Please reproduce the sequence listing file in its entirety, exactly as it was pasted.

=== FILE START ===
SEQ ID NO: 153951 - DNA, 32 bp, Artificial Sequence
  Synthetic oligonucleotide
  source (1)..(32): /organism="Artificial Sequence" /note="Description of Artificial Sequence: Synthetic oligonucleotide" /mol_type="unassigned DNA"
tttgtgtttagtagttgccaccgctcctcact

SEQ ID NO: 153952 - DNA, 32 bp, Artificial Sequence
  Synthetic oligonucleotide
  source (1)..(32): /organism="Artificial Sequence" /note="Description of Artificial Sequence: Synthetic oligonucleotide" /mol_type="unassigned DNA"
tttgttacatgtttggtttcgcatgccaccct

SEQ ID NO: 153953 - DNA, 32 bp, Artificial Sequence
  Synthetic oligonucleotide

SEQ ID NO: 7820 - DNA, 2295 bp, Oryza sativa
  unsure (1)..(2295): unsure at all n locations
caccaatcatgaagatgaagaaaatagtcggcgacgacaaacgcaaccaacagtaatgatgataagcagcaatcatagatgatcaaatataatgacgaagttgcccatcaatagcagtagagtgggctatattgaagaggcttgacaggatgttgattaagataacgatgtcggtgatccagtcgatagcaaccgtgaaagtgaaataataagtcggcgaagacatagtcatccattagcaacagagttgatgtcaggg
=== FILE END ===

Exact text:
SEQ ID NO: 153951 - DNA, 32 bp, Artificial Sequence
  Synthetic oligonucleotide
  source (1)..(32): /organism="Artificial Sequence" /note="Description of Artificial Sequence: Synthetic oligonucleotide" /mol_type="unassigned DNA"
tttgtgtttagtagttgccaccgctcctcact

SEQ ID NO: 153952 - DNA, 32 bp, Artificial Sequence
  Synthetic oligonucleotide
  source (1)..(32): /organism="Artificial Sequence" /note="Description of Artificial Sequence: Synthetic oligonucleotide" /mol_type="unassigned DNA"
tttgttacatgtttggtttcgcatgccaccct

SEQ ID NO: 153953 - DNA, 32 bp, Artificial Sequence
  Synthetic oligonucleotide

SEQ ID NO: 7820 - DNA, 2295 bp, Oryza sativa
  unsure (1)..(2295): unsure at all n locations
caccaatcatgaagatgaagaaaatagtcggcgacgacaaacgcaaccaacagtaatgatgataagcagcaatcatagatgatcaaatataatgacgaagttgcccatcaatagcagtagagtgggctatattgaagaggcttgacaggatgttgattaagataacgatgtcggtgatccagtcgatagcaaccgtgaaagtgaaataataagtcggcgaagacatagtcatccattagcaacagagttgatgtcaggg